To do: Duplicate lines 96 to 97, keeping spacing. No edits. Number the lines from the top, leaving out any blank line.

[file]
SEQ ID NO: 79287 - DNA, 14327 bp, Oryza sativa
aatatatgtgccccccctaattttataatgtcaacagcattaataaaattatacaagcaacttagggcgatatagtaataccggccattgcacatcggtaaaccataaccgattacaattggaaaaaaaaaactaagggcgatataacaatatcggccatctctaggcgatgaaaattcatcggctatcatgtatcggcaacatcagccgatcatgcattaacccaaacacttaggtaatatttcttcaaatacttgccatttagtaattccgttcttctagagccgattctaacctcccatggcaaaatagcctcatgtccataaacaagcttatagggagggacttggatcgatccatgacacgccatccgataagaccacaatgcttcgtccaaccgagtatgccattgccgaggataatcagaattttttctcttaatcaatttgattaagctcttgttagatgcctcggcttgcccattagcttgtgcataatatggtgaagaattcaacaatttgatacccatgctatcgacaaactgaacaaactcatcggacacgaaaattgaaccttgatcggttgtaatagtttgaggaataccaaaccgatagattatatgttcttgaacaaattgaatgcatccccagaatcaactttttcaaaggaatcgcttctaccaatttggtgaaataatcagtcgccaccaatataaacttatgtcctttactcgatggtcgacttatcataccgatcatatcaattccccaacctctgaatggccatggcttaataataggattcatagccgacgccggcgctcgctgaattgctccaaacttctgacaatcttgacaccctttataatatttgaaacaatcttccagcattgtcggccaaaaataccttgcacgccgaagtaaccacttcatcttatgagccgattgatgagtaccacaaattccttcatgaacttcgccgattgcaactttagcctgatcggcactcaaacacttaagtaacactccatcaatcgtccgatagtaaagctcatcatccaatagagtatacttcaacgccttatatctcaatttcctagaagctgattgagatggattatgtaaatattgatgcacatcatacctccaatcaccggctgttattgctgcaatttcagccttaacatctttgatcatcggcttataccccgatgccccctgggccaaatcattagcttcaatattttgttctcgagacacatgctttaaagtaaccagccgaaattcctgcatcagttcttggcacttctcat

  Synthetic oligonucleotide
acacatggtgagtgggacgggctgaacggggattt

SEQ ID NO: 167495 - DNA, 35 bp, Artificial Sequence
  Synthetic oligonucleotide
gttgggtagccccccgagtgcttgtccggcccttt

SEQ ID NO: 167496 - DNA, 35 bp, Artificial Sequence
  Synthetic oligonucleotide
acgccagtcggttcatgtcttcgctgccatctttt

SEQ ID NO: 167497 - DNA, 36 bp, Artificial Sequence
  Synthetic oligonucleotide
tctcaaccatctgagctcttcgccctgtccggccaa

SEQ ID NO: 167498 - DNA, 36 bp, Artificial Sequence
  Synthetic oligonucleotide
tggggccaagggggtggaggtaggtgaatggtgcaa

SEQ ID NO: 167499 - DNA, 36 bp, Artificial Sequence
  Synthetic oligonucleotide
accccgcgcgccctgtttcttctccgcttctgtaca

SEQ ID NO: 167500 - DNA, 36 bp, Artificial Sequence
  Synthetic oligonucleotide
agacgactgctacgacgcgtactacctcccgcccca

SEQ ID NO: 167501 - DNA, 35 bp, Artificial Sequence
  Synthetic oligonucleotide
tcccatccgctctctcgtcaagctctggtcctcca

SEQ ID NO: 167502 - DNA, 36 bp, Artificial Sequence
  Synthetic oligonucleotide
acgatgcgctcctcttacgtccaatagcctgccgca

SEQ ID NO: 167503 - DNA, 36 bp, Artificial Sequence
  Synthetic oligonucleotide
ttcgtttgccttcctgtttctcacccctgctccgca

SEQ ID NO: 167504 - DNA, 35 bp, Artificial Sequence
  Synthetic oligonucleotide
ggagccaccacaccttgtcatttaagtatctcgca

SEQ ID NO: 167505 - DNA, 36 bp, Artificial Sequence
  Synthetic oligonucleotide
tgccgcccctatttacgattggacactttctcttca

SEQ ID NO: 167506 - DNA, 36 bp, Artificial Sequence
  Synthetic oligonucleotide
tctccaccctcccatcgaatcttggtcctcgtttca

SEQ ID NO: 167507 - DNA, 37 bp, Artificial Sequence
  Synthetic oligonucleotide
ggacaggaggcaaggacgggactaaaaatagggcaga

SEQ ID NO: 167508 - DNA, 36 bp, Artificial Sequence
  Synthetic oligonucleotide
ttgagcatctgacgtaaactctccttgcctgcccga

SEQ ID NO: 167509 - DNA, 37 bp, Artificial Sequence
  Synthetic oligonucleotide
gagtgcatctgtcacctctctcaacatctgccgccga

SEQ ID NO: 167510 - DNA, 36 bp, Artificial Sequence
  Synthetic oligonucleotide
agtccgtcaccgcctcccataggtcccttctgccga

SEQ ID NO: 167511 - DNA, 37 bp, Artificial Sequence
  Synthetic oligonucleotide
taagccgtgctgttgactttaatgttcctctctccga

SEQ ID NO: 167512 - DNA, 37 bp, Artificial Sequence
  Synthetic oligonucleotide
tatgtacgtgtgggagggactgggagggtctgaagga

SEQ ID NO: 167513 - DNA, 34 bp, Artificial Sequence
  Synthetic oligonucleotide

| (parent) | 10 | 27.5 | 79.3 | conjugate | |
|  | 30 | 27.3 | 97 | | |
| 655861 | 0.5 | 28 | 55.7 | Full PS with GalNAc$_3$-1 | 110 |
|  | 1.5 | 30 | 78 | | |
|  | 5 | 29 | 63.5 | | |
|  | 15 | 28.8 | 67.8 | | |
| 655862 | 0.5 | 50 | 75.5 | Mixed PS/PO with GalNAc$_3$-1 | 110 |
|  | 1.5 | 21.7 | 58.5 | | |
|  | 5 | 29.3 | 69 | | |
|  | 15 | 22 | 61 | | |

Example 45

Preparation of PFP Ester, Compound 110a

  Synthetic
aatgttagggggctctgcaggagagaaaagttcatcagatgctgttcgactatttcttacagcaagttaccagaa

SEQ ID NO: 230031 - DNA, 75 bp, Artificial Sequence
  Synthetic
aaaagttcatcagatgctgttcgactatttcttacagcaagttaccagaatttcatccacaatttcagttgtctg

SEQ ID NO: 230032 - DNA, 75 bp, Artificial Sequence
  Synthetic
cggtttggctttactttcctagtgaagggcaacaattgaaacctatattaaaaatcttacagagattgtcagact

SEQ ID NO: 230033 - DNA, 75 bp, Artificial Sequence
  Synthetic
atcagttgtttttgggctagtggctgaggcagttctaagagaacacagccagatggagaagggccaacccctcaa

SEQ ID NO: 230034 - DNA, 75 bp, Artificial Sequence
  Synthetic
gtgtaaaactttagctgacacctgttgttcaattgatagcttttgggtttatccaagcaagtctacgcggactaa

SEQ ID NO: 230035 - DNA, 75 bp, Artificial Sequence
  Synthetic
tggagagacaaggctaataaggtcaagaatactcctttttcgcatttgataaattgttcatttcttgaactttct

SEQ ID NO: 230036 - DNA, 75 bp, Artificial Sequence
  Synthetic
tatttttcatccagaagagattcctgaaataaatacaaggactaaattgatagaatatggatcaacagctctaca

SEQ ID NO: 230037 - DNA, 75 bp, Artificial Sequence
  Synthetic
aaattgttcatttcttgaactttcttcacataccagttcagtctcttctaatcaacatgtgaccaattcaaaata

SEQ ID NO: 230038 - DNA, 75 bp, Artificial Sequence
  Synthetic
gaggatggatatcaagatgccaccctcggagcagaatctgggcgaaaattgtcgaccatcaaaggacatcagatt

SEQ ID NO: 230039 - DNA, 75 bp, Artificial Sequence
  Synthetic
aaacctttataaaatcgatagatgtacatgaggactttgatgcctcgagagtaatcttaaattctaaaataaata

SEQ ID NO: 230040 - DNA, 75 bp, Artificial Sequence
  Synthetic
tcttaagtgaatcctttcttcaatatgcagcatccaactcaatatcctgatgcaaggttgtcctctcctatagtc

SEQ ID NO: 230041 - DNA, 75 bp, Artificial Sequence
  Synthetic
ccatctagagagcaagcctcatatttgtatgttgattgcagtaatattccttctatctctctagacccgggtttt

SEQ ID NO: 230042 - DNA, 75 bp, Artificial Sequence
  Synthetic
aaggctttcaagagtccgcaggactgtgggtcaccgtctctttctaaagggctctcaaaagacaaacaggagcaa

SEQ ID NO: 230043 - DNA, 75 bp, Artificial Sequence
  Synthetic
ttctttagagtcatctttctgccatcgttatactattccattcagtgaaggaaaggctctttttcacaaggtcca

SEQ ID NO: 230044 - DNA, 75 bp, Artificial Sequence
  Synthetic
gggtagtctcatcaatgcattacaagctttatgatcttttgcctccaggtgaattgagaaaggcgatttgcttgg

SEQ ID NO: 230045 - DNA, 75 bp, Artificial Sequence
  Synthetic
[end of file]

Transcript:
SEQ ID NO: 230038 - DNA, 75 bp, Artificial Sequence
  Synthetic